As suggested in Toobin’s article, the Republicans claim it’s payback for the President’s votes against Chief Justice Roberts and Justice Alito.  But as history is showing us, then-Senator Obama’s votes were the correct ones. The Roberts court is Exhibit A in far right judicial activism – not the balls and strikes umpiring we were promised by the Chief Justice.  In any event as Republican Senator Thune makes clear in yesterday’s Roll Call article, the only way for the President to avoid a fight is for him to nominate a conservative – anything else would meet significant resistance.

So the cards are on the table. If we’re going to have a fight, then let’s think boldly about the kind of Justice we need on the Court. And that means a Justice who understands that the law and the Constitution mandate protections for average Americans against the interests of the more powerful. It means a Justice who understands that the law and the Constitution protect important privacy rights. It means a Justice who appreciates that the law and the Constitution affect the realities of Americans’ everyday lives.  It means a Justice who respects the core constitutional values of justice and equal opportunity for all.  If we’re going to have a fight, let’s make it one worth having – let’s make it a fight for core constitutional values.

PFAW

Bagram Detainees Obtain Right to Challenge Detention

The Washington Post reported on Sunday, that the Obama administration this week will put in place a new review system to allow detainees held by the U.S. at a military base in Bagram, Afghanistan the ability to challenge their detentions.  While this is a small step in the right direction, the bigger issue is the administration’s decision to continue arguing against habeas corpus rights in the federal case brought by some of those same Bagram detainees now pending before the DC Court of Appeals. 

After the Supreme Court ruled in 2008 recognizing by a vote of 5-4 the habeas rights of detainees held by the U.S. at the military base in Guantanmo Bay, Cuba, and since Obama has declared that the Guantanamo detention center will be closed by the end of the year, all eyes have turned toward Bagram where hundreds of detainees are being held there without review. While both sides continue to argue the merits of whether the constitutional right of habeas corpus should apply to detainees held overseas by the U.S. in a zone of conflict, at least the administration now concedes what many of us have been arguing for years:  it is a basic human right that an individual cannot be deprived of their liberty without due process.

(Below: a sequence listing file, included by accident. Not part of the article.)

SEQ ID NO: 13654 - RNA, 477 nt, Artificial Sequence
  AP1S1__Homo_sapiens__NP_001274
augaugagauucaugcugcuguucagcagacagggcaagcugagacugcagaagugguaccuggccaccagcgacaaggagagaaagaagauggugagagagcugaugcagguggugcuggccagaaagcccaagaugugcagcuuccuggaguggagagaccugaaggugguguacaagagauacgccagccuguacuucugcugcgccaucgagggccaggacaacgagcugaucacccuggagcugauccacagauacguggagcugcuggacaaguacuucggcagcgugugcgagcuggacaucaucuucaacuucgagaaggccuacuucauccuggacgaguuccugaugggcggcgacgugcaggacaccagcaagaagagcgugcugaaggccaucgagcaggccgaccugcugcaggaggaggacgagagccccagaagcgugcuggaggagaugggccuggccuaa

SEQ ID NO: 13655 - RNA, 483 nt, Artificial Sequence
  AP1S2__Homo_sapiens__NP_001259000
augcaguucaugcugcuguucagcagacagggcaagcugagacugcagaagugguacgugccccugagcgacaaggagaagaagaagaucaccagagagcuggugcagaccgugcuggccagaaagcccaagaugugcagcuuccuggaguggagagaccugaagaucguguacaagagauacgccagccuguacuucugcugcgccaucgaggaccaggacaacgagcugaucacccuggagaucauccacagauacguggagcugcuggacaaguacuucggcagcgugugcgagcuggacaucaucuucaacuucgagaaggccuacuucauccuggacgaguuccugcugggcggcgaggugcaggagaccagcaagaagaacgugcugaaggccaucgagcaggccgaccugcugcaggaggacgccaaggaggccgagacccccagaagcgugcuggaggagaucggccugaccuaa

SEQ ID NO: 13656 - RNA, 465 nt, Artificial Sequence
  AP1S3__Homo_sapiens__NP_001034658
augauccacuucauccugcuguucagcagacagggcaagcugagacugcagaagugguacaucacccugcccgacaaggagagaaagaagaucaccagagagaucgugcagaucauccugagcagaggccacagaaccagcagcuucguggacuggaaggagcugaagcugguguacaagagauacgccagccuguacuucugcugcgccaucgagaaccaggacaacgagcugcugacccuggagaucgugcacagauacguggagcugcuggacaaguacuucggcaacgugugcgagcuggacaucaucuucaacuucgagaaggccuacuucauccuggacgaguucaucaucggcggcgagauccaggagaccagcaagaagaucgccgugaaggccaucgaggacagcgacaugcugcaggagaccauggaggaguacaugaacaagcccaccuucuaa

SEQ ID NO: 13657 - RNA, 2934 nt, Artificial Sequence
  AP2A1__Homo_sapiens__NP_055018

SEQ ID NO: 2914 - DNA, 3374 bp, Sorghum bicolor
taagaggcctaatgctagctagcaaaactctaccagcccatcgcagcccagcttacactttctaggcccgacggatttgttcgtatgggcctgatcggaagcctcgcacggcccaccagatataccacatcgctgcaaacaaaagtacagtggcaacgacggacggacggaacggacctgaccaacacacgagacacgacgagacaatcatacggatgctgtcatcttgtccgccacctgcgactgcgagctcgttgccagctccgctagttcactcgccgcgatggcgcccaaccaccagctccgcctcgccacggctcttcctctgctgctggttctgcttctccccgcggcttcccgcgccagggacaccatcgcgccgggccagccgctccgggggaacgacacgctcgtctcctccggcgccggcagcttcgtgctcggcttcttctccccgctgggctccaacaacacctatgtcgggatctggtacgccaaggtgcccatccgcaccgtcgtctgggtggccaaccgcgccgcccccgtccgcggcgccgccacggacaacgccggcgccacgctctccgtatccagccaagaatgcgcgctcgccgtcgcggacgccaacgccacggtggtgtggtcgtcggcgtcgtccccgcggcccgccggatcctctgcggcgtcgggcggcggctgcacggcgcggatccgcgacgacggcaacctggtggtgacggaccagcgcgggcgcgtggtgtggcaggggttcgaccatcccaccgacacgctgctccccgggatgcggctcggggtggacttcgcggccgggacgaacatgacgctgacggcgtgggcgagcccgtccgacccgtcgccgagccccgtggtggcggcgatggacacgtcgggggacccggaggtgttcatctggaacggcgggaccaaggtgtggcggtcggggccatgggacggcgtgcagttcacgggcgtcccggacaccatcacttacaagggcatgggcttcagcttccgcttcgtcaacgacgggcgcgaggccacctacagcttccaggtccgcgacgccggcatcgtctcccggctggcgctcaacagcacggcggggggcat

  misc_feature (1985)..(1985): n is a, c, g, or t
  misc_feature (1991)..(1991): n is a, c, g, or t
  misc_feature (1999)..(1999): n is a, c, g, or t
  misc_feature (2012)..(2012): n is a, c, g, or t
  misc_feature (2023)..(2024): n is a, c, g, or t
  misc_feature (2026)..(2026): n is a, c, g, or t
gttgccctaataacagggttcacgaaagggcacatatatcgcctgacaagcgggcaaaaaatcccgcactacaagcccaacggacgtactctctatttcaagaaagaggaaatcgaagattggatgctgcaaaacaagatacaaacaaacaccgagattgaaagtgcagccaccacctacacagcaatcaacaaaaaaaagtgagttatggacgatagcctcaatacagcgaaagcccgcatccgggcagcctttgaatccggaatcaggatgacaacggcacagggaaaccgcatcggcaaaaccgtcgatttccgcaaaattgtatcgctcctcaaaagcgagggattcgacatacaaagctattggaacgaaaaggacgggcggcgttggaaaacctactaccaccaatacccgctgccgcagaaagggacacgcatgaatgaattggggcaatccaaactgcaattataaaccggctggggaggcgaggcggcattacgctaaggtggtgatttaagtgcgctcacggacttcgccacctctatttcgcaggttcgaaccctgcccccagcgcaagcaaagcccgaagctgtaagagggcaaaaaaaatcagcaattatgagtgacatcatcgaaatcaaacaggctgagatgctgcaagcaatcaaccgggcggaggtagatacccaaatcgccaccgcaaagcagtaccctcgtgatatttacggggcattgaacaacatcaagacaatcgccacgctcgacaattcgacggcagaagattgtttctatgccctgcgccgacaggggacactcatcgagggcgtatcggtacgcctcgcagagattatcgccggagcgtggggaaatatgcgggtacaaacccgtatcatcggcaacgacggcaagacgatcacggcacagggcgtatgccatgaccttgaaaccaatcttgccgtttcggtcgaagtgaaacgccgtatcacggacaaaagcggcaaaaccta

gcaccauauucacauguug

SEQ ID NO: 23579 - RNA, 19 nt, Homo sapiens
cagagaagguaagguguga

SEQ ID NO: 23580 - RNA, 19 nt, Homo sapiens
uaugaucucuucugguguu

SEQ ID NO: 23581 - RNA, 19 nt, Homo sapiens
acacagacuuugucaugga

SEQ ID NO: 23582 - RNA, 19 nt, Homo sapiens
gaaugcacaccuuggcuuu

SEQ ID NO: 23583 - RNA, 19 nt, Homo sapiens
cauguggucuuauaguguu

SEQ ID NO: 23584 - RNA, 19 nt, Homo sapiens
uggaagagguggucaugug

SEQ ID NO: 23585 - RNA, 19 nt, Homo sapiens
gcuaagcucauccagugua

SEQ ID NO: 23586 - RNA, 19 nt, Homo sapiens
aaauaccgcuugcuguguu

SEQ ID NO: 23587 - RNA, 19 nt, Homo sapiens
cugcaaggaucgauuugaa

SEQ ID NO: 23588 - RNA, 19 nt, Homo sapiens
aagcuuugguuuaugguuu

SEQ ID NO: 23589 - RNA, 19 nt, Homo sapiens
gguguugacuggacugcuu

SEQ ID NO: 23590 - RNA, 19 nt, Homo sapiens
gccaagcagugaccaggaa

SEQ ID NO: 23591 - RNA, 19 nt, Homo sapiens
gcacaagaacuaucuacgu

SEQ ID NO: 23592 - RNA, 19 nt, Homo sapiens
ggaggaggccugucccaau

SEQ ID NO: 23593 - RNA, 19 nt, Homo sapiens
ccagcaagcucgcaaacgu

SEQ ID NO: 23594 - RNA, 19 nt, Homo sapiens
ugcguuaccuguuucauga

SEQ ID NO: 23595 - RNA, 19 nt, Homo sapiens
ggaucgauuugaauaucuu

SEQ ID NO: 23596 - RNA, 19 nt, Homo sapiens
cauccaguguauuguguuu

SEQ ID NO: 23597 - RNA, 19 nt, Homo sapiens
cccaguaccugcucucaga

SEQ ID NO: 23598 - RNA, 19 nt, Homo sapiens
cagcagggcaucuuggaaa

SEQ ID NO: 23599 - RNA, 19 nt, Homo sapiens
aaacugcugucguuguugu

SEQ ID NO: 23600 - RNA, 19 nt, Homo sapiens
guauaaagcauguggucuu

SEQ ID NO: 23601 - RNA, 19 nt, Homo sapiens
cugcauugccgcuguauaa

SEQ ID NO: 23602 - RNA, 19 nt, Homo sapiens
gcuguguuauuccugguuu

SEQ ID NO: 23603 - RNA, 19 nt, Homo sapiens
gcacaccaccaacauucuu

Let’s hope that the new process afforded to Bagram detainees in the end will be a meaningful one. 

PFAW

Rosen on Roberts

Jeffrey Rosen’s op ed piece in the New York Times over the weekend, The Trial of John Roberts, echoes a theme noted by a number of commentators, one on which I posted last week: that the Supreme Court’s decision to open up long-settled law with respect to regulating corporate expenditures in candidate elections in the recently argued Citizens United case is a quintessential exercise in judicial activism. And it’s the kind of judicial activism that then nominee John Roberts pretended to foreswear through his claims to be an umpire, simply calling balls and strikes.  

Where I part company from Rosen, however, is in his analysis that Chief Justice Roberts “deserves credit for trying” to forge a broader consensus on narrower grounds, citing, in particular, last term’s Voting Rights Act case.  The cynic in me says that the decision was 8-1 to uphold Section 5 of the Voting Rights Act and not 5-4 to overturn it, because the Chief Justice simply did not yet have the votes to do so. And Rosen’s reliance on greater unanimity on the Court with respect to upholding business interests – according to the Chamber 79% of these cases decided on margins of 7-2 better – is not, in my view, a reflection of Chief Justice Roberts’ forging consensus on narrow grounds. It’s a reflection of how conservative this Court really is, why the judicial philosophy of the next nominee to the Supreme Court really matters, and why it’s important to begin having that discussion now.

PFAW

It’s More than Balls and Strikes

The Supreme Court is about to hear argument in a case, Citizens United v. Federal Election Commission, that should put an end to the myth advanced by Chief Justice Roberts at his confirmation hearing that he, as a Justice, is simply serving as an umpire, calling balls and strikes about what the law provides without any intention of influencing the direction of the law.  

After hearing oral argument last term, the Court postponed a decision in Citizens United, which involves the FEC’s attempt to treat an anti-Hillary Clinton movie as an impermissible “electioneering communication,” and ordered the parties to submit briefs that address the question of whether regulating corporate expenditures in candidate elections is constitutional. So instead of deciding the case in front of them, those who had been on the losing side in the past have reached out to redecide an issue that had been settled.